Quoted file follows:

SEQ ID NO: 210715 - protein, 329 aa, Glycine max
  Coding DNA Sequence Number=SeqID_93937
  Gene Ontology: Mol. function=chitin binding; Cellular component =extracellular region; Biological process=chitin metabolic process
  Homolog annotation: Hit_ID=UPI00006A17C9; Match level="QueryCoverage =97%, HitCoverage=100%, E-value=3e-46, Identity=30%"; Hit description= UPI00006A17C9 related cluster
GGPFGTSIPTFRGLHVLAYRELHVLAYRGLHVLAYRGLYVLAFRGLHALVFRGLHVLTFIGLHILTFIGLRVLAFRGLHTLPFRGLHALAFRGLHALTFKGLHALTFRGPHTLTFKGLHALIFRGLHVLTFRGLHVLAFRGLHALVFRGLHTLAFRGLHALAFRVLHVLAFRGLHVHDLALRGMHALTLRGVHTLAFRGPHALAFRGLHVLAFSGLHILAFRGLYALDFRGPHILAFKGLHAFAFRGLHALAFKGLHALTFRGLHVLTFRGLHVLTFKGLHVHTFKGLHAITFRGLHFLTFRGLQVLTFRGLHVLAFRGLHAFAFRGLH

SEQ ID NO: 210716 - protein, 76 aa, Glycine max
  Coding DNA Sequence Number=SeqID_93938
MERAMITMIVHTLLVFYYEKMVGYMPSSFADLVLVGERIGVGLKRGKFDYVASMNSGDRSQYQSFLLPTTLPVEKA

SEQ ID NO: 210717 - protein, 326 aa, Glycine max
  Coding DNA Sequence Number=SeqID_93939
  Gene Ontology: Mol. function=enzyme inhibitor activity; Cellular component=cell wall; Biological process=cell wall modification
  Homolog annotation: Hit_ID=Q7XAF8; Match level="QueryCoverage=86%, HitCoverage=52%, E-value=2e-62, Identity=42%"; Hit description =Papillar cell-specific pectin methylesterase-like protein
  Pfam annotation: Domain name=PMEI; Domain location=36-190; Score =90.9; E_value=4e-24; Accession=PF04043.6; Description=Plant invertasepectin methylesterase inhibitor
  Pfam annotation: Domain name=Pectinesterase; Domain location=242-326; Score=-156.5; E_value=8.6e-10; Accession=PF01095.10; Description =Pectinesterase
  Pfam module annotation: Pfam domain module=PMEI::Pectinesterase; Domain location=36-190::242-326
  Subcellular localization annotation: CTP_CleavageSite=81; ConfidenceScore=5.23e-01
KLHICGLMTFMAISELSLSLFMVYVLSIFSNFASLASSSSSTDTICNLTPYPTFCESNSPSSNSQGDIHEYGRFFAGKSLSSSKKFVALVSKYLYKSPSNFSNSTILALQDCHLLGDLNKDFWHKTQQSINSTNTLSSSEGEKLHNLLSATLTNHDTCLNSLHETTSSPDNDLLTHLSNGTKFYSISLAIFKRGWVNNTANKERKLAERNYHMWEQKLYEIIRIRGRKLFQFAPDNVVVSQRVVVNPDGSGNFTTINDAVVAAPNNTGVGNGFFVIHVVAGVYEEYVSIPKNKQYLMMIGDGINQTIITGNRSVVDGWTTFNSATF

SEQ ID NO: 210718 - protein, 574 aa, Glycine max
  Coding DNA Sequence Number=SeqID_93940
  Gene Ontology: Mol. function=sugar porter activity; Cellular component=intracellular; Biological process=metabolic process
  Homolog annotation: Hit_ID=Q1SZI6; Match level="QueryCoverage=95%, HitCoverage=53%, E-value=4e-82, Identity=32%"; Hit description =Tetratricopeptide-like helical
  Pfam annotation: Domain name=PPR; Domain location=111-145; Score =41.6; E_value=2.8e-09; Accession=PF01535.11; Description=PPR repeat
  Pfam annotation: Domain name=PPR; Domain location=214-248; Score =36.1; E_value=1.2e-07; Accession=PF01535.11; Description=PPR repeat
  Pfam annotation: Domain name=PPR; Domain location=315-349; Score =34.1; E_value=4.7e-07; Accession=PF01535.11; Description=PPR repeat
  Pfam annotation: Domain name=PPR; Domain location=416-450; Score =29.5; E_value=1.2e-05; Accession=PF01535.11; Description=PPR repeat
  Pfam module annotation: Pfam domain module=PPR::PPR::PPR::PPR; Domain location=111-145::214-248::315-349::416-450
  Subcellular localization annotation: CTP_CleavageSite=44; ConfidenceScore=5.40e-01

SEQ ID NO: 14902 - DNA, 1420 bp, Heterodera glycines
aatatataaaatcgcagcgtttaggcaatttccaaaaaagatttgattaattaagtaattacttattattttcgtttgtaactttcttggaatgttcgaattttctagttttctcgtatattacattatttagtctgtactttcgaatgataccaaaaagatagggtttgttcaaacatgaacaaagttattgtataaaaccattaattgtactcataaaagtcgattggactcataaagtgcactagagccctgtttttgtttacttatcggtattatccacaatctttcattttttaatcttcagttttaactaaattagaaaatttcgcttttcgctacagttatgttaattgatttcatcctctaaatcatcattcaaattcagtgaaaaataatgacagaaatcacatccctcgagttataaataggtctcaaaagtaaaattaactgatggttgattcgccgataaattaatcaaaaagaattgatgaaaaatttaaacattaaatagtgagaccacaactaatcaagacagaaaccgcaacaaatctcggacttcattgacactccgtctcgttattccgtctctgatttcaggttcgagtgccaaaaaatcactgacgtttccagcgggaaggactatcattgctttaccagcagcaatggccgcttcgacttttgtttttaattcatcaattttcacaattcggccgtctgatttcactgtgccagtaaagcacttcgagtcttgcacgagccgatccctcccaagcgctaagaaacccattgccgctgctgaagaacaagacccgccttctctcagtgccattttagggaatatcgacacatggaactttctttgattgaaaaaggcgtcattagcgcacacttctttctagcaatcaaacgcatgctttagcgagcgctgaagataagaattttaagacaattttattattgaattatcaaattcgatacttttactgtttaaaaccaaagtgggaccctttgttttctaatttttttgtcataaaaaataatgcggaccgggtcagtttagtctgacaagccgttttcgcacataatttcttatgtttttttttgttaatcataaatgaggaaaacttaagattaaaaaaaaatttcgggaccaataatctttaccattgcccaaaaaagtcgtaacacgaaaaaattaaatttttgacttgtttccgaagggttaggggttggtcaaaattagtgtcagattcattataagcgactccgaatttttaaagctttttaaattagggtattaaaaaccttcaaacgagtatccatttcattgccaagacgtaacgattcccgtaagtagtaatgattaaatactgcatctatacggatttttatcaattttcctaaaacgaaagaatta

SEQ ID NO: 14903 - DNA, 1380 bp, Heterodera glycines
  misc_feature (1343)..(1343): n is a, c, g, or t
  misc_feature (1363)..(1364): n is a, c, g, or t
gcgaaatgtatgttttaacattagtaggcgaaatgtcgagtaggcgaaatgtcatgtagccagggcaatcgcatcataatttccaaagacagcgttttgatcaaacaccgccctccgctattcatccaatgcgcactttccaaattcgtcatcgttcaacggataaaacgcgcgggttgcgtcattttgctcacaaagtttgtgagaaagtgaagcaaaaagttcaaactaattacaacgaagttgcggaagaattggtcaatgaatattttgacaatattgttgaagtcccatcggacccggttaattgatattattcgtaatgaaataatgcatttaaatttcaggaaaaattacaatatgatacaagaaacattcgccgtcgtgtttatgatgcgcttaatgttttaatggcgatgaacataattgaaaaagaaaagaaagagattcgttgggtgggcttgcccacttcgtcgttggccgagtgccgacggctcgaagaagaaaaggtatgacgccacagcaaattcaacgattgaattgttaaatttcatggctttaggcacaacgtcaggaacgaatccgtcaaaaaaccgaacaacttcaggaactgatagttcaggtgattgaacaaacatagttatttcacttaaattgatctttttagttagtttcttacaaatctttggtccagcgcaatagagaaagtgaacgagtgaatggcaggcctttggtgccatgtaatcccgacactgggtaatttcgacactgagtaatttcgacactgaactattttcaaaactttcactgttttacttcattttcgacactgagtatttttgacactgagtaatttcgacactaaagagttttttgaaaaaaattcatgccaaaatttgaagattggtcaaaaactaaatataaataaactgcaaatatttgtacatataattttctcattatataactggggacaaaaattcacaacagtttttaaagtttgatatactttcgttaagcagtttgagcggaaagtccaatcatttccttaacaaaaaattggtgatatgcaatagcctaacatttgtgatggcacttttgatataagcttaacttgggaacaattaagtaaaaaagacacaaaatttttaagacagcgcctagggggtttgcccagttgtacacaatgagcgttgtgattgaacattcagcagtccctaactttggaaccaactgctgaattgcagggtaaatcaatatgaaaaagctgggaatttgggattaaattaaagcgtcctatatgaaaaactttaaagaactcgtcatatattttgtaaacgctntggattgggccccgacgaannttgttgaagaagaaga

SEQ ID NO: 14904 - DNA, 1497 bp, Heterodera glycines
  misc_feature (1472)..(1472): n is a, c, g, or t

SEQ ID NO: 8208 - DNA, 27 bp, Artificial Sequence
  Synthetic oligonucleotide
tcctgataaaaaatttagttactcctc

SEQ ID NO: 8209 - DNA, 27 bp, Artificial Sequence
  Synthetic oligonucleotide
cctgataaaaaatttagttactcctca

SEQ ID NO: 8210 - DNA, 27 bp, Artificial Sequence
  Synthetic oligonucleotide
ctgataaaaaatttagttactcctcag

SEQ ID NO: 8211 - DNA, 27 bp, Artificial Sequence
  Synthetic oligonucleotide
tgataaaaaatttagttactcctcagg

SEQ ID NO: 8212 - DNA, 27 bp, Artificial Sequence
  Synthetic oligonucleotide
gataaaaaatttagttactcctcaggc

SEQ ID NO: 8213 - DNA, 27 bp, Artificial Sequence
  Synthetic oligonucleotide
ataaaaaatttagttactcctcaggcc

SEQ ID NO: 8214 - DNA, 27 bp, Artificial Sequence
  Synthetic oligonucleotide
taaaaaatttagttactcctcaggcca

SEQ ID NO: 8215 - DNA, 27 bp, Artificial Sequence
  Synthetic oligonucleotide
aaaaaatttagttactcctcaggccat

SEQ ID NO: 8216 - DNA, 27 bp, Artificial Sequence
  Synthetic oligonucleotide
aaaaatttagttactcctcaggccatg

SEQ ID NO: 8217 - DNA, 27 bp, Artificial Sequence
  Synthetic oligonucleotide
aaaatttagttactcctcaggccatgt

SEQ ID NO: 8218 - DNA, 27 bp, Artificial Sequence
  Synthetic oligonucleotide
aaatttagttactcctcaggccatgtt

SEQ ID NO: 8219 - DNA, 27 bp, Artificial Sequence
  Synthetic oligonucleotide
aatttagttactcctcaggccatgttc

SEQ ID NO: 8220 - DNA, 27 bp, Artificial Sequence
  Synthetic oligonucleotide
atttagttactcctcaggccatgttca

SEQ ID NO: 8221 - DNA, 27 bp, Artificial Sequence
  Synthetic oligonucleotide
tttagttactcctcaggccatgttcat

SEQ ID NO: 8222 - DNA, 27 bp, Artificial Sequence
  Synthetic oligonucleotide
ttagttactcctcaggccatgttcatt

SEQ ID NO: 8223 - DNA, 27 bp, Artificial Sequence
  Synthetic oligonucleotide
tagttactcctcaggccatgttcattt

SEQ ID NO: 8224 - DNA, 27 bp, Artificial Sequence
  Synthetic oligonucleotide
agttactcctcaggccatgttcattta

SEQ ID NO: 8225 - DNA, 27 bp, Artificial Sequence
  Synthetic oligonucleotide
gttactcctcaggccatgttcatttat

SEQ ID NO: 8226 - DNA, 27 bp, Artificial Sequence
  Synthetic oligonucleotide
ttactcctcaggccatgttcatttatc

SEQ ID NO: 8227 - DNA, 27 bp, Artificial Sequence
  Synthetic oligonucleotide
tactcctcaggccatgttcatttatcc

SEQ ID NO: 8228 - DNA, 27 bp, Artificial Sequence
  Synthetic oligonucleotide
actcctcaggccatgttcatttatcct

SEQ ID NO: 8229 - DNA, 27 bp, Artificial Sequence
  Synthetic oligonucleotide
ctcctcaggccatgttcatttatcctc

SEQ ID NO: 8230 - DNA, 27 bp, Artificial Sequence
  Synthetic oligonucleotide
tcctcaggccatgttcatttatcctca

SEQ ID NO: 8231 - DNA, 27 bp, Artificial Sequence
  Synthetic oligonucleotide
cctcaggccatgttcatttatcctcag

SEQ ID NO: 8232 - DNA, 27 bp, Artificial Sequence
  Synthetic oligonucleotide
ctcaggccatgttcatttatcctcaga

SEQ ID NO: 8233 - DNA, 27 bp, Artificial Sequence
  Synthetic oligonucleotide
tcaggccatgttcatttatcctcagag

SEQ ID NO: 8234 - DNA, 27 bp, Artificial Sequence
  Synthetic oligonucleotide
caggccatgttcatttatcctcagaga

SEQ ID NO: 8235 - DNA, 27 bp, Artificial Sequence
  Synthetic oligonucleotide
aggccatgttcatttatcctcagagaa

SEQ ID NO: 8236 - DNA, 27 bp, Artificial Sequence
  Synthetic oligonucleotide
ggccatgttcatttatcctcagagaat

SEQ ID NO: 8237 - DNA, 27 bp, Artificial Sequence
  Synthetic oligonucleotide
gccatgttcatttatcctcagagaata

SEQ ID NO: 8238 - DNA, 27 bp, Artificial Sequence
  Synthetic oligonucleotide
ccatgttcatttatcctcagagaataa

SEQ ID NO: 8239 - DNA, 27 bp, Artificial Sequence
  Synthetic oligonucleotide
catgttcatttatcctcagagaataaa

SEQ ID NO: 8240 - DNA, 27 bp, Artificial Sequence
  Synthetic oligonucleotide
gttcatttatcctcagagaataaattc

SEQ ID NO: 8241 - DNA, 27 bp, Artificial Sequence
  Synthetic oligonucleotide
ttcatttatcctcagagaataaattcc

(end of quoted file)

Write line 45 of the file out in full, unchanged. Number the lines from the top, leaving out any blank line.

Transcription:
SEQ ID NO: 8211 - DNA, 27 bp, Artificial Sequence